Dreaming up dreams

I’ve been doing a lot of dreaming and a lot of praying recently about this year, and I’ve started re-reading this little gem of a book – ‘A recipe for dreaming’ by Bryce Courtney. Find it here on Amazon.
It’s a 1 poem-a-page kind of book, which is great since I’m reading quite a bit at the moment.. So I thought I’d share this one with you.

“Go where you’ve never been before. Dream up a destination, a path to follow, a wildest unknown way, over rocks and scrag, across high hills where the winds bite cold with malice, through deep mysterious valleys where the wild things roar and echo and rumble and stamp and hiss great clouds of steam from their terrible huffing ways.

Dream the impossible dream and start walking towards it.

On the way you’ll be beaten up, chewed, spat out, mauled, ripped apart, given up for lost. Quite soon you’ll learn what it feels like to be beaten up, chewed, spat out, mauled, ripped apart, given up for lost.

This is called ‘experience’ and it’s very very valuable in life, because what you mostly learn from it is that you were more afraid of what might happen that what did happen. Most successful outcomes are achieved by calling a series of unconventional bluffs.

One bright sunny morning you’ll discover that the wild unknown way you took is carpeted with moss and strewn with tiny flowers. It has become a familiar path, a well-trodden direction which has put you miles ahead of anyone else and much, much closer to achieving your once impossible dream.”

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Non Profits using Facebook Timelines

An example of Best Friends Animal Society’s Facebook Timeline Cover page. Source here

Considering the mandatory roll-out of Facebook Timelines to all pages on March 30th, I thought I’d share this cool resource.

I came across Nonprofit Tech 2.0 blog a couple of months ago. It was created and is managed by Heather Mansfield, a pioneer in utilizing social media for the nonprofit sector. She has fifteen years of experience utilizing the Internet for fundraising, community building, and advocacy. To date, she’s presented more than 100 social media and mobile technology trainings throughout the United States, Canada, and Asia as well as over 500 webinars to audiences worldwide. More on her Bio here.

She wrote a post earlier this month detailing her choice of the 11 best and most inspiring Non-Profit Facebook Timelines she has come across, which includes, Amnesty International, International Rescue committee and many more organisations doing amazing work.

Another interesting post, demonstrates a step-by-step guide to custom design your Non-Profit’s Facebook Timeline profile. According to her blog post, it definitely entails a lot more than just uploading a profile picture.

Read her guidelines here. 

She is also the author of  Social Media for Social Good: A How-To Guide for Nonprofits, which I would love to get my hands on! 

Enjoy using social media strategies to promote your non-profit effectively and to raise awareness about your mission!

Awareness into Action

Source here                                                                                               Source here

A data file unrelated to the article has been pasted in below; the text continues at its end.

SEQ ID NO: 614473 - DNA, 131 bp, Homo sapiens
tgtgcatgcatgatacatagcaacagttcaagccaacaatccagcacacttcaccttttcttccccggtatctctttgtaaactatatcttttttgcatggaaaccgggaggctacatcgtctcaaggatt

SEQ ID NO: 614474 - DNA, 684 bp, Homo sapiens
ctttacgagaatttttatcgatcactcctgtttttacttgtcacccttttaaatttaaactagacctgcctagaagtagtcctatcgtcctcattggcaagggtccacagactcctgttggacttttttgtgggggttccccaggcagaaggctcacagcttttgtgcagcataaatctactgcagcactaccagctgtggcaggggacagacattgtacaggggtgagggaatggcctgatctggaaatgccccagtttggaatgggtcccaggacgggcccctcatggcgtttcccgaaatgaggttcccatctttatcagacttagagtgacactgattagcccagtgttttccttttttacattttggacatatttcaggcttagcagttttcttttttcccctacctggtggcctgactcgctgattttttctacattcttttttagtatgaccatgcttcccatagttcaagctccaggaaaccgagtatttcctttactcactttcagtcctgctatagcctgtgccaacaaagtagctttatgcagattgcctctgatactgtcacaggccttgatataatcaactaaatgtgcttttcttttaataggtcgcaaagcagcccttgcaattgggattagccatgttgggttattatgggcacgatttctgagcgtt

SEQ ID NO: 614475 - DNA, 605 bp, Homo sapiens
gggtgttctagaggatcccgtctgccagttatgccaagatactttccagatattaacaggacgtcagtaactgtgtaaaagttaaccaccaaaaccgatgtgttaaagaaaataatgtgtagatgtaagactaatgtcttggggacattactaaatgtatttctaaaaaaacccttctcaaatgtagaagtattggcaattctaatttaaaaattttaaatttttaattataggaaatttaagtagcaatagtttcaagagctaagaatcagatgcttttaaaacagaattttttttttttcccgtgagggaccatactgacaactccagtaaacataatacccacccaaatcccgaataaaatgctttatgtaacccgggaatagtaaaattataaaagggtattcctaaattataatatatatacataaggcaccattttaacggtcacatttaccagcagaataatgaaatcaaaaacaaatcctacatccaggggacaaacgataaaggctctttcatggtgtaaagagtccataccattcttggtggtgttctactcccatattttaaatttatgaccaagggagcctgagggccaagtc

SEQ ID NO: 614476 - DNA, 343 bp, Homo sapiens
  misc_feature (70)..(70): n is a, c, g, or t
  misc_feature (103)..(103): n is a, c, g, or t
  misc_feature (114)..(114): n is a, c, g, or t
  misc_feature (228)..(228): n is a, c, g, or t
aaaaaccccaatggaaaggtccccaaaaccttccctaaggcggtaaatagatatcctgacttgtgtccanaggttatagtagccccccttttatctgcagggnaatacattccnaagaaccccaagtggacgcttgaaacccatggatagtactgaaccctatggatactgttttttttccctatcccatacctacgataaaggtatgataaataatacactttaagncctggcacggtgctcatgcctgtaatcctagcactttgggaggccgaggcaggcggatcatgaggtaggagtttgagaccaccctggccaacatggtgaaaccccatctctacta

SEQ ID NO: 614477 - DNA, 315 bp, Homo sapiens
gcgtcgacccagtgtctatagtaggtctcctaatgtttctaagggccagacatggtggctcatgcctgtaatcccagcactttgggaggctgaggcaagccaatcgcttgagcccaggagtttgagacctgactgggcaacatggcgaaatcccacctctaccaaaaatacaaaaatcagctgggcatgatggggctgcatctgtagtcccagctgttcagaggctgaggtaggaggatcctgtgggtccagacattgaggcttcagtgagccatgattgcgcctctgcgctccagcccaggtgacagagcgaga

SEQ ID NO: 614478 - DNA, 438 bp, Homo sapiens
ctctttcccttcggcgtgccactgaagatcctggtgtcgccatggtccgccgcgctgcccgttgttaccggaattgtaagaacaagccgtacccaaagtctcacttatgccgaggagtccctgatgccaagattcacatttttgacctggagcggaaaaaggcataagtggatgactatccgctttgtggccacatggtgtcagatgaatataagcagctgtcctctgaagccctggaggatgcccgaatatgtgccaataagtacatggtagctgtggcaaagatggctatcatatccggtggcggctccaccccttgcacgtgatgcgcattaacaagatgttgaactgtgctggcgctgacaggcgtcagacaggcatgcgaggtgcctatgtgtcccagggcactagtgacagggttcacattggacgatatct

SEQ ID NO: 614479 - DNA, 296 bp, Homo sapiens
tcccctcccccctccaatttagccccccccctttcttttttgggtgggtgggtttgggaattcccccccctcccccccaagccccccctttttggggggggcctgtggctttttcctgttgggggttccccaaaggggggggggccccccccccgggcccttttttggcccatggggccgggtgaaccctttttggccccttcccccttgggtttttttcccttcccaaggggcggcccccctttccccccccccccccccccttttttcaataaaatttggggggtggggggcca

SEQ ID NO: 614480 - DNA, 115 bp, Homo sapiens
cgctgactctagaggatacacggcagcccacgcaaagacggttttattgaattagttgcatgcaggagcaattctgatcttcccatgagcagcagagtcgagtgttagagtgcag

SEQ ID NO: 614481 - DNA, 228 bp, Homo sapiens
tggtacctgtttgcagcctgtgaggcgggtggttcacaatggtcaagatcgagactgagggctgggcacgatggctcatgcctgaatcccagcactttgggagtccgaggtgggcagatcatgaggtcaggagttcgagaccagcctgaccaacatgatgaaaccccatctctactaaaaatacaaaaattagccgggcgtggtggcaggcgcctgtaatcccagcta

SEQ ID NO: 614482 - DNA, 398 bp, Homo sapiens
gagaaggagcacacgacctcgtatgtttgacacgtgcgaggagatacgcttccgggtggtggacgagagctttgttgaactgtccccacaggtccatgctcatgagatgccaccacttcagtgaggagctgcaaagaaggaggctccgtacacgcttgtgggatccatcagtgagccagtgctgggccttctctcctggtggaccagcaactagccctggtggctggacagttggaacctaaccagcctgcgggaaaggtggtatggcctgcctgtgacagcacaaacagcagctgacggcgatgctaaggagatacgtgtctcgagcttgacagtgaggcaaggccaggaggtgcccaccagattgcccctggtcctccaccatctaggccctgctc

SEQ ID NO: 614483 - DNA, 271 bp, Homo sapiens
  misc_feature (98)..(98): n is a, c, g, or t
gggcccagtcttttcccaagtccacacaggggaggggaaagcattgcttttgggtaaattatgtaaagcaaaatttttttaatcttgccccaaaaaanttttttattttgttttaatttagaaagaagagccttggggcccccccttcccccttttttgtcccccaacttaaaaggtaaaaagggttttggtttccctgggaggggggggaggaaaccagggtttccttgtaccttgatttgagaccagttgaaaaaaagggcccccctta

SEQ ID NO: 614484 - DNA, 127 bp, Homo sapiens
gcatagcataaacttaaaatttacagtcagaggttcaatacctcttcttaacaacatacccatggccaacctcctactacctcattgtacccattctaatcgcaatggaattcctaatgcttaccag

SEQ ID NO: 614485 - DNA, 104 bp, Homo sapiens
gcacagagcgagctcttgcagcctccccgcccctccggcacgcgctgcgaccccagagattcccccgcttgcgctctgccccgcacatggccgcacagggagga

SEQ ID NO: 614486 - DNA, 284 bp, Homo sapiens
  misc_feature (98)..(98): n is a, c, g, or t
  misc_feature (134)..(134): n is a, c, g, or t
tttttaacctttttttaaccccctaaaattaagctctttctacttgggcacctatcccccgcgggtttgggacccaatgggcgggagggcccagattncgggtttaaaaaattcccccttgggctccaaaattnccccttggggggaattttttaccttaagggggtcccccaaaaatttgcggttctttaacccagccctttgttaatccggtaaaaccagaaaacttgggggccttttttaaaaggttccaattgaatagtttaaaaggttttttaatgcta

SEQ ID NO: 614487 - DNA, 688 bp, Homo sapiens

I loved reading Amnesty International‘s article entitled ‘Kony 2012: How Can We Turn Awareness Into Action’

This is the biggest question Health Communicators attempt to answer everyday.

We, in the field can learn so much from the Invisible Children group and their Kony 2012 Campaign.

I am convinced that they have effectively used social media and social marketing tools, namely Facebook, Twitter and Youtube, for good: to raise awareness, spark interest, heighten our emotions and advocate for this important cause – to find and arrest Joseph Kony, a war criminal and leader of the Lord’s  Resistance Army (LRA), thereby bringing justice to over 30- 000 children who have been his victims.

For more than two decades, Amnesty International has documented crimes committed by the LRA and their horrific impact on the lives of thousands of civilians in Central African Republic, Democratic Republic of Congo, South Sudan and Uganda. Thanks to Invisible Children, the world is now becoming more aware of the devastating atrocities these children are facing.

Megan Ernst writes in a student newspaper for the University of Georgia and interviews students and their responses to the film. Teman Worku’s response stood out for me. He’s a freshman and a broadcast journalism major whose family is from Africa.

He said that “the good work Invisible Children are doing in Uganda is important, whether or not Kony is still active there. Just like Haiti was forgotten after the earthquake, Uganda is in danger of being forgotten just because Kony has moved on. If he’s not in Uganda, there are probably still children and families affected by what happened,” Worku said. “Do you think Haiti is still suffering? I would assume there are still problems in Uganda and this campaign can help to shed light on what we can do.

To date, 84 661 758 people have seen the full 29-minute film. See the 1:19 trailer here if you have not seen it yet.

The video urges everyone to sign a pledge to bring him to justice in 2012 and to ‘cover the night’ by plastering his face across the nation on April 20th.

On that day, I look forward, with bated breath to see how the world and our governments will respond to people ‘covering the night’ as the video encourages. Despite the criticisms of the campaign, the success of using new media to raise awareness of this issue is indisputable.

Source here                                                                                                                Source here